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Test cases planning


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Test cases planning

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Test cases planning

  1. 1. Test Cases Planning  Carefully and methodically planning test cases is a step in that direction. Doing so is very important for four reasons: – – – – Organization. Repeatability. Tracking. Proof of testing (or not testing).
  2. 2. Test Design  IEEE 829 states that the test design specification "refines the test approach [defined in the test plan] and identifies the features to be covered by the design and its associated tests. It also identifies the test cases and test procedures, if any, required to accomplish the testing and specifies the feature pass/fail criteria."
  3. 3. Test cases   the details of a test case should explain exactly what values or conditions will be sent to the software and what result is expected: The IEEE 829 standard also lists some other important information that should be included: – – – Identifiers. A unique identifier is referenced by the test design specs and the test procedure specs. Test item. This describes the detailed feature, code module, and so on that's being tested. Input specification. This specification lists all the inputs or conditions given to the software to execute the test case.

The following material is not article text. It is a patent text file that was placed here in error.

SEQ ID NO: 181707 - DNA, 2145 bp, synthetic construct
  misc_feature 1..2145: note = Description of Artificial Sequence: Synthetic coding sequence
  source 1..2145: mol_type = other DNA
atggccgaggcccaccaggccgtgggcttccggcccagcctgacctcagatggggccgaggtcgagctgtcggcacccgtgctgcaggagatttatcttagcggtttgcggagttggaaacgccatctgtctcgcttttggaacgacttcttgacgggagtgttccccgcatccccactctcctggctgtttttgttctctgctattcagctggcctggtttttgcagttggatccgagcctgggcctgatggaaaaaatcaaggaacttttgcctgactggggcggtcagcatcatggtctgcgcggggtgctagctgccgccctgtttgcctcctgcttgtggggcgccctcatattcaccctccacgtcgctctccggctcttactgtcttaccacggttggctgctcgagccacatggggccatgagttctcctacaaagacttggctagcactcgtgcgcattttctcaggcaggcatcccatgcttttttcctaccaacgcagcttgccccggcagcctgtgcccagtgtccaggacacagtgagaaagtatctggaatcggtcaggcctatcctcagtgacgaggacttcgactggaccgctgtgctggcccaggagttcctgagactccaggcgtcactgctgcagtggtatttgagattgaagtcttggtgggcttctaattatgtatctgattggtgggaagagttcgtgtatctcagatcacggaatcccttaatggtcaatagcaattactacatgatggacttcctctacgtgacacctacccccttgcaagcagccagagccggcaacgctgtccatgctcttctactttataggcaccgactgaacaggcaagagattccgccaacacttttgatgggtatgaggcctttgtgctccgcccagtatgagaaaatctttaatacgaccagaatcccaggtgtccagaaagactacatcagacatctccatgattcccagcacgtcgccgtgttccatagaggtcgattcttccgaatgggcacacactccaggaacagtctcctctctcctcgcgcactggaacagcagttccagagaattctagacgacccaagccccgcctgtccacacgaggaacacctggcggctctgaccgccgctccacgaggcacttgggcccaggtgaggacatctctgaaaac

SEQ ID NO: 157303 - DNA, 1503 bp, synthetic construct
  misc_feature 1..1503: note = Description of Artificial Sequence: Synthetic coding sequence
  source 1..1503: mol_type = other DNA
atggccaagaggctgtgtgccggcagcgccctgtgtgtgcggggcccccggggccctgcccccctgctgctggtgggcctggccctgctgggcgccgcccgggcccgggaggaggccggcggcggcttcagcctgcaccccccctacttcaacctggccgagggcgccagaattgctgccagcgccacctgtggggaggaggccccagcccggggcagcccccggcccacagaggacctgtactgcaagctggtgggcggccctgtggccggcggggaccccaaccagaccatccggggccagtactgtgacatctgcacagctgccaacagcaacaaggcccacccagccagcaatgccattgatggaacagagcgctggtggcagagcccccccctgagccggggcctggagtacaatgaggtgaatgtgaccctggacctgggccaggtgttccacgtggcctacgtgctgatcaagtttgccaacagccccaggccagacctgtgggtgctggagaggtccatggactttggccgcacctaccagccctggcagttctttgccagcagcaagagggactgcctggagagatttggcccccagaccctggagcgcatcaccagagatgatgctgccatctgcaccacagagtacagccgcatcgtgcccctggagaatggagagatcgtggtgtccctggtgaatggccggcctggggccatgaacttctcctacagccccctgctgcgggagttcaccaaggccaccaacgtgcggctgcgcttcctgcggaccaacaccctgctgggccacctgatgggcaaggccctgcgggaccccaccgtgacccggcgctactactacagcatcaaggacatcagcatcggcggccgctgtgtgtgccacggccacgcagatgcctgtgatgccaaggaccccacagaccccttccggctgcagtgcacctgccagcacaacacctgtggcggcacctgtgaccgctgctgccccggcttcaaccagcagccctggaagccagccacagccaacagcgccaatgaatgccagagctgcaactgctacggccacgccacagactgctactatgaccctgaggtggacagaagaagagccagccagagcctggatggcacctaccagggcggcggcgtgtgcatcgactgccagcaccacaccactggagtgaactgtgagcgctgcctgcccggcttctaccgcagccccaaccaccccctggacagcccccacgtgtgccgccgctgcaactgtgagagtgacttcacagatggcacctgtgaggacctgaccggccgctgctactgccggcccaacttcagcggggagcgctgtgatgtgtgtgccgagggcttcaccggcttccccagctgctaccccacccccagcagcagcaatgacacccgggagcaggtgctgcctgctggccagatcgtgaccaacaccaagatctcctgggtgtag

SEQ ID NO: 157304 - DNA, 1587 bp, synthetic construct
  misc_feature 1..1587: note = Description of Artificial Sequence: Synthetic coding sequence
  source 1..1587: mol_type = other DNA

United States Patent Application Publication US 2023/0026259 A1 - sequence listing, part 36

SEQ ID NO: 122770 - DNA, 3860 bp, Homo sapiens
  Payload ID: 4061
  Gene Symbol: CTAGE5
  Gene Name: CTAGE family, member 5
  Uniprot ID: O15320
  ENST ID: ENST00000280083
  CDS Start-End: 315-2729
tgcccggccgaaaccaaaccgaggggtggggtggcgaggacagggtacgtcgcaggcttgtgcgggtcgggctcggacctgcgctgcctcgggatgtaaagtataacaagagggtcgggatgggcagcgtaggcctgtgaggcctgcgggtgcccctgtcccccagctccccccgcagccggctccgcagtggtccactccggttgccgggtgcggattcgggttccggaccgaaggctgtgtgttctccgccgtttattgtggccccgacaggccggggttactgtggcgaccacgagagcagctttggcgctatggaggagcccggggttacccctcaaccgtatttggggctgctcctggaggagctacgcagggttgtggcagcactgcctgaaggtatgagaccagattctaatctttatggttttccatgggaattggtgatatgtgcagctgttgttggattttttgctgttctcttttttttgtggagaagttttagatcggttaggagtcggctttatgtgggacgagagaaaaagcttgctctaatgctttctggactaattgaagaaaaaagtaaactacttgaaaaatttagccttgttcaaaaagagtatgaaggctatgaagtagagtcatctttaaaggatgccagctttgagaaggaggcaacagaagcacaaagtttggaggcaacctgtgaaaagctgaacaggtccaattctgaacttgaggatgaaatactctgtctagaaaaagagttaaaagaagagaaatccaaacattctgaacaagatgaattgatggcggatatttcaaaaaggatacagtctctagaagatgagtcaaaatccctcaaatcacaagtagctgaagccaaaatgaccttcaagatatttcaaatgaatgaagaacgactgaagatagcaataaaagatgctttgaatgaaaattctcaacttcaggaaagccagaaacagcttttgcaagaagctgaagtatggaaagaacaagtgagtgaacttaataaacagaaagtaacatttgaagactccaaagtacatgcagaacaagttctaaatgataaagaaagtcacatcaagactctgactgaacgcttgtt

4. 4. Test cases – – – – Output specification. This describes the result you expect from executing the test case. Environmental needs. Environmental needs are the hardware, software, test tools, facilities, staff, and so on that are necessary to run the test case. Special procedural requirements. This section describes anything unusual that must be done to perform the test. Inter-case dependencies. If a test case depends on another test case or might be affected by another, that information should go here.
  5. 5. Test Procedures  IEEE 829 states that the test procedure specification  "identifies all the steps required to operate the system and exercise the specified test cases in order to implement the associated test design."
  6. 6. Test Procedures  the step-by-step details of exactly how to perform the test cases: – – – Identifier. A unique identifier that ties the test procedure to the associated test cases and test design. Purpose. The purpose of the procedure and reference to the test cases that it will execute. Special requirements. Other procedures, special testing skills, or special equipment needed to run the procedure.
  7. 7. Test Procedures – Procedure steps. Detailed description of how the tests are to be run:           Log. Tells how and by what method the results and observations will be recorded. Setup. Explains how to prepare for the test. Start. Explains the steps used to start the test. Procedure. Describes the steps used to run the tests. Measure. Describes how the results are to be determined for example, with a stopwatch or visual determination. Shut down. Explains the steps for suspending the test for unexpected reasons. Restart. Tells the tester how to pick up the test at a certain point if there's a failure or after shutting down. Stop. Describes the steps for an orderly halt to the test. Wrap up. Explains how to restore the environment to its pre-test condition. Contingencies. Explains what to do if things don't go as planned.